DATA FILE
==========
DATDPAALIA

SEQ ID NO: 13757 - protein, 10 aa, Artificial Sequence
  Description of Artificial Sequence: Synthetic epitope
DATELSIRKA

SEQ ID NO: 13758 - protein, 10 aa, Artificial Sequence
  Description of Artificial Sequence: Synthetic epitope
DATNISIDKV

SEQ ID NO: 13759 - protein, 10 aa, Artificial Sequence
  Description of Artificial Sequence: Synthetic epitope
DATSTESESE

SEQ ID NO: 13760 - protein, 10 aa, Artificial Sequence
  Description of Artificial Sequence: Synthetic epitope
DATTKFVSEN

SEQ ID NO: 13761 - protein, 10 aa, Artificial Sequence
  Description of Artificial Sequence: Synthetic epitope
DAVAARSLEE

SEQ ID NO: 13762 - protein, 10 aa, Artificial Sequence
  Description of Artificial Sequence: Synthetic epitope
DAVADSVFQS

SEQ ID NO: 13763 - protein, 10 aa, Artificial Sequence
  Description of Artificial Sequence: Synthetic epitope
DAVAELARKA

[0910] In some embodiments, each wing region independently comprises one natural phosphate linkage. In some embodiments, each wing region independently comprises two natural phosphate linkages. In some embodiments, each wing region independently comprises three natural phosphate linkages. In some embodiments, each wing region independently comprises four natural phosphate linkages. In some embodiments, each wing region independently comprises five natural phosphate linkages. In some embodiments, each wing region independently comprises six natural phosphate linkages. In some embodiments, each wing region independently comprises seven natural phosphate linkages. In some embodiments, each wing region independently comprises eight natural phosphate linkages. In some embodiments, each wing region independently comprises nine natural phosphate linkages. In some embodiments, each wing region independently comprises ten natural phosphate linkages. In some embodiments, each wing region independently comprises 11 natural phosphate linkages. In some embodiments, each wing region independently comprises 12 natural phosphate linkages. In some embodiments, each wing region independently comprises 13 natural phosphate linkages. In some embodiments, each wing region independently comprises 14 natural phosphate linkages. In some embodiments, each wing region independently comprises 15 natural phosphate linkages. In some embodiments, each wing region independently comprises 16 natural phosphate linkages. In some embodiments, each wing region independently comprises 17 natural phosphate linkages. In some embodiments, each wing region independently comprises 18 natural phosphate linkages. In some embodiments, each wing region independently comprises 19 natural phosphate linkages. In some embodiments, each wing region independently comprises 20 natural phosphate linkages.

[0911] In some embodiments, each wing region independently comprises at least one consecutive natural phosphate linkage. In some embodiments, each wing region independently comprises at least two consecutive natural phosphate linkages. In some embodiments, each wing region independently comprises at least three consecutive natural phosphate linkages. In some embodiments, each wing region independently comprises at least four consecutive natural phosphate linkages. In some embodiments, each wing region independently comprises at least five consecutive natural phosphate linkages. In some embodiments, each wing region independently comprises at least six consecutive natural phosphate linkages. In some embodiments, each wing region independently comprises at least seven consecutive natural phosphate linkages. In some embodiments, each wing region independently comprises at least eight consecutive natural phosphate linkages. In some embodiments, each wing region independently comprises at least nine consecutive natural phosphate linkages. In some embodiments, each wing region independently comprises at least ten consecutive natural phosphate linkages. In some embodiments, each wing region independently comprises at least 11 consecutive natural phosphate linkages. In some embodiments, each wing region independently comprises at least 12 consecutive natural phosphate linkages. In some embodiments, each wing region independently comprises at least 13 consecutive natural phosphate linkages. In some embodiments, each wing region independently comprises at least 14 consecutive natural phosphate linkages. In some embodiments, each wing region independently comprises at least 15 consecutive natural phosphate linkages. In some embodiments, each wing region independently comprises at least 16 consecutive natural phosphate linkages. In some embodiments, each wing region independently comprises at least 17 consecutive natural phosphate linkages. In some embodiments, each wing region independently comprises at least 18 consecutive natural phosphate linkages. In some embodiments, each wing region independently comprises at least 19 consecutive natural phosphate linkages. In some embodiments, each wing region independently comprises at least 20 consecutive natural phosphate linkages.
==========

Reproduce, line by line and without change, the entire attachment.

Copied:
DATDPAALIA

SEQ ID NO: 13757 - protein, 10 aa, Artificial Sequence
  Description of Artificial Sequence: Synthetic epitope
DATELSIRKA

SEQ ID NO: 13758 - protein, 10 aa, Artificial Sequence
  Description of Artificial Sequence: Synthetic epitope
DATNISIDKV

SEQ ID NO: 13759 - protein, 10 aa, Artificial Sequence
  Description of Artificial Sequence: Synthetic epitope
DATSTESESE

SEQ ID NO: 13760 - protein, 10 aa, Artificial Sequence
  Description of Artificial Sequence: Synthetic epitope
DATTKFVSEN

SEQ ID NO: 13761 - protein, 10 aa, Artificial Sequence
  Description of Artificial Sequence: Synthetic epitope
DAVAARSLEE

SEQ ID NO: 13762 - protein, 10 aa, Artificial Sequence
  Description of Artificial Sequence: Synthetic epitope
DAVADSVFQS

SEQ ID NO: 13763 - protein, 10 aa, Artificial Sequence
  Description of Artificial Sequence: Synthetic epitope
DAVAELARKA

[0910] In some embodiments, each wing region independently comprises one natural phosphate linkage. In some embodiments, each wing region independently comprises two natural phosphate linkages. In some embodiments, each wing region independently comprises three natural phosphate linkages. In some embodiments, each wing region independently comprises four natural phosphate linkages. In some embodiments, each wing region independently comprises five natural phosphate linkages. In some embodiments, each wing region independently comprises six natural phosphate linkages. In some embodiments, each wing region independently comprises seven natural phosphate linkages. In some embodiments, each wing region independently comprises eight natural phosphate linkages. In some embodiments, each wing region independently comprises nine natural phosphate linkages. In some embodiments, each wing region independently comprises ten natural phosphate linkages. In some embodiments, each wing region independently comprises 11 natural phosphate linkages. In some embodiments, each wing region independently comprises 12 natural phosphate linkages. In some embodiments, each wing region independently comprises 13 natural phosphate linkages. In some embodiments, each wing region independently comprises 14 natural phosphate linkages. In some embodiments, each wing region independently comprises 15 natural phosphate linkages. In some embodiments, each wing region independently comprises 16 natural phosphate linkages. In some embodiments, each wing region independently comprises 17 natural phosphate linkages. In some embodiments, each wing region independently comprises 18 natural phosphate linkages. In some embodiments, each wing region independently comprises 19 natural phosphate linkages. In some embodiments, each wing region independently comprises 20 natural phosphate linkages.

[0911] In some embodiments, each wing region independently comprises at least one consecutive natural phosphate linkage. In some embodiments, each wing region independently comprises at least two consecutive natural phosphate linkages. In some embodiments, each wing region independently comprises at least three consecutive natural phosphate linkages. In some embodiments, each wing region independently comprises at least four consecutive natural phosphate linkages. In some embodiments, each wing region independently comprises at least five consecutive natural phosphate linkages. In some embodiments, each wing region independently comprises at least six consecutive natural phosphate linkages. In some embodiments, each wing region independently comprises at least seven consecutive natural phosphate linkages. In some embodiments, each wing region independently comprises at least eight consecutive natural phosphate linkages. In some embodiments, each wing region independently comprises at least nine consecutive natural phosphate linkages. In some embodiments, each wing region independently comprises at least ten consecutive natural phosphate linkages. In some embodiments, each wing region independently comprises at least 11 consecutive natural phosphate linkages. In some embodiments, each wing region independently comprises at least 12 consecutive natural phosphate linkages. In some embodiments, each wing region independently comprises at least 13 consecutive natural phosphate linkages. In some embodiments, each wing region independently comprises at least 14 consecutive natural phosphate linkages. In some embodiments, each wing region independently comprises at least 15 consecutive natural phosphate linkages. In some embodiments, each wing region independently comprises at least 16 consecutive natural phosphate linkages. In some embodiments, each wing region independently comprises at least 17 consecutive natural phosphate linkages. In some embodiments, each wing region independently comprises at least 18 consecutive natural phosphate linkages. In some embodiments, each wing region independently comprises at least 19 consecutive natural phosphate linkages. In some embodiments, each wing region independently comprises at least 20 consecutive natural phosphate linkages.